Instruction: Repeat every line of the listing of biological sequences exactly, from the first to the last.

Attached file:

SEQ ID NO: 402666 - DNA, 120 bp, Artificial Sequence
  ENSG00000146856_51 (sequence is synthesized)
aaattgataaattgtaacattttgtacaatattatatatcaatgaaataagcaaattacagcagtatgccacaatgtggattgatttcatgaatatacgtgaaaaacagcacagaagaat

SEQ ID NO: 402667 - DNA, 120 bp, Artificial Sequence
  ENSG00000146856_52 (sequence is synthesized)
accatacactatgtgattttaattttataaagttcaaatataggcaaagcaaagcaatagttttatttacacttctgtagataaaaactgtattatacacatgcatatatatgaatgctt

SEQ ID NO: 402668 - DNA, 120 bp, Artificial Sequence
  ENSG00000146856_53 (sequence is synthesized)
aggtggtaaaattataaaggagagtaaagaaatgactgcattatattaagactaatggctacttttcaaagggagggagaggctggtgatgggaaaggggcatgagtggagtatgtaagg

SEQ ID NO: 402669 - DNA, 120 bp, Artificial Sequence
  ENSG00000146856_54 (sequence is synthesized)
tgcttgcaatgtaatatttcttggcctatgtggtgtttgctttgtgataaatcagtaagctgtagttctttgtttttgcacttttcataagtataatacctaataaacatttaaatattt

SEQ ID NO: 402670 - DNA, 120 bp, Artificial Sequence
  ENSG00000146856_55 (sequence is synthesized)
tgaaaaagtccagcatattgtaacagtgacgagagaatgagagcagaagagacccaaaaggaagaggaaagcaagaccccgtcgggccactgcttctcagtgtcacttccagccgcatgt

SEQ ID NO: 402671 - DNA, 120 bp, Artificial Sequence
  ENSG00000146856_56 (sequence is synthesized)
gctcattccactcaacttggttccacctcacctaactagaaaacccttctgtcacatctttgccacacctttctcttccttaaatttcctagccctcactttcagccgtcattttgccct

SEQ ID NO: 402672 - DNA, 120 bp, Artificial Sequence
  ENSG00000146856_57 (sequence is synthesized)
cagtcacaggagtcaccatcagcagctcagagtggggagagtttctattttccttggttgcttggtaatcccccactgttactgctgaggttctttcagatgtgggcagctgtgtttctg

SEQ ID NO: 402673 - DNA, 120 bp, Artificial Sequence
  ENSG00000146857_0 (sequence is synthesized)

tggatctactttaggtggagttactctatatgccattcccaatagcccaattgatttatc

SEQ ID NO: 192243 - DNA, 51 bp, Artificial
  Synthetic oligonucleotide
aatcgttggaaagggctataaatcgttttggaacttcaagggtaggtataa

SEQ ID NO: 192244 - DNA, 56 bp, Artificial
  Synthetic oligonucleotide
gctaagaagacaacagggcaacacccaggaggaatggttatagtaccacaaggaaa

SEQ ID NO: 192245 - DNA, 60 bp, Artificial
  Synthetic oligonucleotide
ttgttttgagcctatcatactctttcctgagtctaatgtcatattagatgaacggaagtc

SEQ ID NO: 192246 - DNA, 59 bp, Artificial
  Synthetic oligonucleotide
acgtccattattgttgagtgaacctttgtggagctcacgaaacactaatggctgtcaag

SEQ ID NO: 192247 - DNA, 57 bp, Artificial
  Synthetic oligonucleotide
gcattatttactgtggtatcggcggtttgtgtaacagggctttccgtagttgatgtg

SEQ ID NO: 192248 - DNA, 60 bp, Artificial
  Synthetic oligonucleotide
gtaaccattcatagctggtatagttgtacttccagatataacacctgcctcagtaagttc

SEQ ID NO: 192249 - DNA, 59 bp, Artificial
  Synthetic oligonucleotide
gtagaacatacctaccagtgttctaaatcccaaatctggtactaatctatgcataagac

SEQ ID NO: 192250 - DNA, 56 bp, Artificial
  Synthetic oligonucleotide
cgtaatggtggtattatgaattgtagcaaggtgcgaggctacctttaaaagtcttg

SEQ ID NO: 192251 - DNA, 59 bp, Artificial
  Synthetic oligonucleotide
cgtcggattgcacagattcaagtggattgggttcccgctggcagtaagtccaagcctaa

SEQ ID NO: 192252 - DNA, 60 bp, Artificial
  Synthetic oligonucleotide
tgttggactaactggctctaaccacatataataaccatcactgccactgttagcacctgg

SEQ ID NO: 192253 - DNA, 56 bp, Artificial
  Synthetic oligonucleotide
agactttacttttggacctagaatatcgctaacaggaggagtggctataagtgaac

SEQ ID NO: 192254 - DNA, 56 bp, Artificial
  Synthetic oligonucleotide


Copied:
SEQ ID NO: 402666 - DNA, 120 bp, Artificial Sequence
  ENSG00000146856_51 (sequence is synthesized)
aaattgataaattgtaacattttgtacaatattatatatcaatgaaataagcaaattacagcagtatgccacaatgtggattgatttcatgaatatacgtgaaaaacagcacagaagaat

SEQ ID NO: 402667 - DNA, 120 bp, Artificial Sequence
  ENSG00000146856_52 (sequence is synthesized)
accatacactatgtgattttaattttataaagttcaaatataggcaaagcaaagcaatagttttatttacacttctgtagataaaaactgtattatacacatgcatatatatgaatgctt

SEQ ID NO: 402668 - DNA, 120 bp, Artificial Sequence
  ENSG00000146856_53 (sequence is synthesized)
aggtggtaaaattataaaggagagtaaagaaatgactgcattatattaagactaatggctacttttcaaagggagggagaggctggtgatgggaaaggggcatgagtggagtatgtaagg

SEQ ID NO: 402669 - DNA, 120 bp, Artificial Sequence
  ENSG00000146856_54 (sequence is synthesized)
tgcttgcaatgtaatatttcttggcctatgtggtgtttgctttgtgataaatcagtaagctgtagttctttgtttttgcacttttcataagtataatacctaataaacatttaaatattt

SEQ ID NO: 402670 - DNA, 120 bp, Artificial Sequence
  ENSG00000146856_55 (sequence is synthesized)
tgaaaaagtccagcatattgtaacagtgacgagagaatgagagcagaagagacccaaaaggaagaggaaagcaagaccccgtcgggccactgcttctcagtgtcacttccagccgcatgt

SEQ ID NO: 402671 - DNA, 120 bp, Artificial Sequence
  ENSG00000146856_56 (sequence is synthesized)
gctcattccactcaacttggttccacctcacctaactagaaaacccttctgtcacatctttgccacacctttctcttccttaaatttcctagccctcactttcagccgtcattttgccct

SEQ ID NO: 402672 - DNA, 120 bp, Artificial Sequence
  ENSG00000146856_57 (sequence is synthesized)
cagtcacaggagtcaccatcagcagctcagagtggggagagtttctattttccttggttgcttggtaatcccccactgttactgctgaggttctttcagatgtgggcagctgtgtttctg

SEQ ID NO: 402673 - DNA, 120 bp, Artificial Sequence
  ENSG00000146857_0 (sequence is synthesized)

tggatctactttaggtggagttactctatatgccattcccaatagcccaattgatttatc

SEQ ID NO: 192243 - DNA, 51 bp, Artificial
  Synthetic oligonucleotide
aatcgttggaaagggctataaatcgttttggaacttcaagggtaggtataa

SEQ ID NO: 192244 - DNA, 56 bp, Artificial
  Synthetic oligonucleotide
gctaagaagacaacagggcaacacccaggaggaatggttatagtaccacaaggaaa

SEQ ID NO: 192245 - DNA, 60 bp, Artificial
  Synthetic oligonucleotide
ttgttttgagcctatcatactctttcctgagtctaatgtcatattagatgaacggaagtc

SEQ ID NO: 192246 - DNA, 59 bp, Artificial
  Synthetic oligonucleotide
acgtccattattgttgagtgaacctttgtggagctcacgaaacactaatggctgtcaag

SEQ ID NO: 192247 - DNA, 57 bp, Artificial
  Synthetic oligonucleotide
gcattatttactgtggtatcggcggtttgtgtaacagggctttccgtagttgatgtg

SEQ ID NO: 192248 - DNA, 60 bp, Artificial
  Synthetic oligonucleotide
gtaaccattcatagctggtatagttgtacttccagatataacacctgcctcagtaagttc

SEQ ID NO: 192249 - DNA, 59 bp, Artificial
  Synthetic oligonucleotide
gtagaacatacctaccagtgttctaaatcccaaatctggtactaatctatgcataagac

SEQ ID NO: 192250 - DNA, 56 bp, Artificial
  Synthetic oligonucleotide
cgtaatggtggtattatgaattgtagcaaggtgcgaggctacctttaaaagtcttg

SEQ ID NO: 192251 - DNA, 59 bp, Artificial
  Synthetic oligonucleotide
cgtcggattgcacagattcaagtggattgggttcccgctggcagtaagtccaagcctaa

SEQ ID NO: 192252 - DNA, 60 bp, Artificial
  Synthetic oligonucleotide
tgttggactaactggctctaaccacatataataaccatcactgccactgttagcacctgg

SEQ ID NO: 192253 - DNA, 56 bp, Artificial
  Synthetic oligonucleotide
agactttacttttggacctagaatatcgctaacaggaggagtggctataagtgaac

SEQ ID NO: 192254 - DNA, 56 bp, Artificial
  Synthetic oligonucleotide